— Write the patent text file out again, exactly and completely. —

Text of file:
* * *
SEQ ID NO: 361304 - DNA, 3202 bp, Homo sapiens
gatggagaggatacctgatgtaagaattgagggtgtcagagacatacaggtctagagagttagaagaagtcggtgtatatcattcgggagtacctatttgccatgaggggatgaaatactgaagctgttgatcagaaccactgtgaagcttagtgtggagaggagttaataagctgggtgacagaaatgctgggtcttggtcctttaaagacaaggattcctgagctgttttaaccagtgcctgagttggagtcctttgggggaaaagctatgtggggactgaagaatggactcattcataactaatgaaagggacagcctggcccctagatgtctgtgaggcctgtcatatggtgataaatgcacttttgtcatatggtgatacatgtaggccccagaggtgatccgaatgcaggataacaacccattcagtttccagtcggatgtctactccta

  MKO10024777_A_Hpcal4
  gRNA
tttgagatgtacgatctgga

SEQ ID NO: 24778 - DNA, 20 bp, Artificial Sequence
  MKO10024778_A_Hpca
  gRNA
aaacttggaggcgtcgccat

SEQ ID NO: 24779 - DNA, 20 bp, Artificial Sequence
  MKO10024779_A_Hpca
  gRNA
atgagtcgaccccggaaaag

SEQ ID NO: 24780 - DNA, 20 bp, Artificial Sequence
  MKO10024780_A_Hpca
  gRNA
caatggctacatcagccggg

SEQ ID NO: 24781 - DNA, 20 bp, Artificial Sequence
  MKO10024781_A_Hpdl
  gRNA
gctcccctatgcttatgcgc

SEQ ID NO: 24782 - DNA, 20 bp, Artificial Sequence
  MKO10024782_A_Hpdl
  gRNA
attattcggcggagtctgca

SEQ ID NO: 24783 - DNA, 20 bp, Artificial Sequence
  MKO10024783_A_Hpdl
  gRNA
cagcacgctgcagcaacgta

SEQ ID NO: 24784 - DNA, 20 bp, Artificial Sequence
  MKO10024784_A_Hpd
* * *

SEQ ID NO: 361304 - DNA, 3202 bp, Homo sapiens
gatggagaggatacctgatgtaagaattgagggtgtcagagacatacaggtctagagagttagaagaagtcggtgtatatcattcgggagtacctatttgccatgaggggatgaaatactgaagctgttgatcagaaccactgtgaagcttagtgtggagaggagttaataagctgggtgacagaaatgctgggtcttggtcctttaaagacaaggattcctgagctgttttaaccagtgcctgagttggagtcctttgggggaaaagctatgtggggactgaagaatggactcattcataactaatgaaagggacagcctggcccctagatgtctgtgaggcctgtcatatggtgataaatgcacttttgtcatatggtgatacatgtaggccccagaggtgatccgaatgcaggataacaacccattcagtttccagtcggatgtctactccta

  MKO10024777_A_Hpcal4
  gRNA
tttgagatgtacgatctgga

SEQ ID NO: 24778 - DNA, 20 bp, Artificial Sequence
  MKO10024778_A_Hpca
  gRNA
aaacttggaggcgtcgccat

SEQ ID NO: 24779 - DNA, 20 bp, Artificial Sequence
  MKO10024779_A_Hpca
  gRNA
atgagtcgaccccggaaaag

SEQ ID NO: 24780 - DNA, 20 bp, Artificial Sequence
  MKO10024780_A_Hpca
  gRNA
caatggctacatcagccggg

SEQ ID NO: 24781 - DNA, 20 bp, Artificial Sequence
  MKO10024781_A_Hpdl
  gRNA
gctcccctatgcttatgcgc

SEQ ID NO: 24782 - DNA, 20 bp, Artificial Sequence
  MKO10024782_A_Hpdl
  gRNA
attattcggcggagtctgca

SEQ ID NO: 24783 - DNA, 20 bp, Artificial Sequence
  MKO10024783_A_Hpdl
  gRNA
cagcacgctgcagcaacgta

SEQ ID NO: 24784 - DNA, 20 bp, Artificial Sequence
  MKO10024784_A_Hpd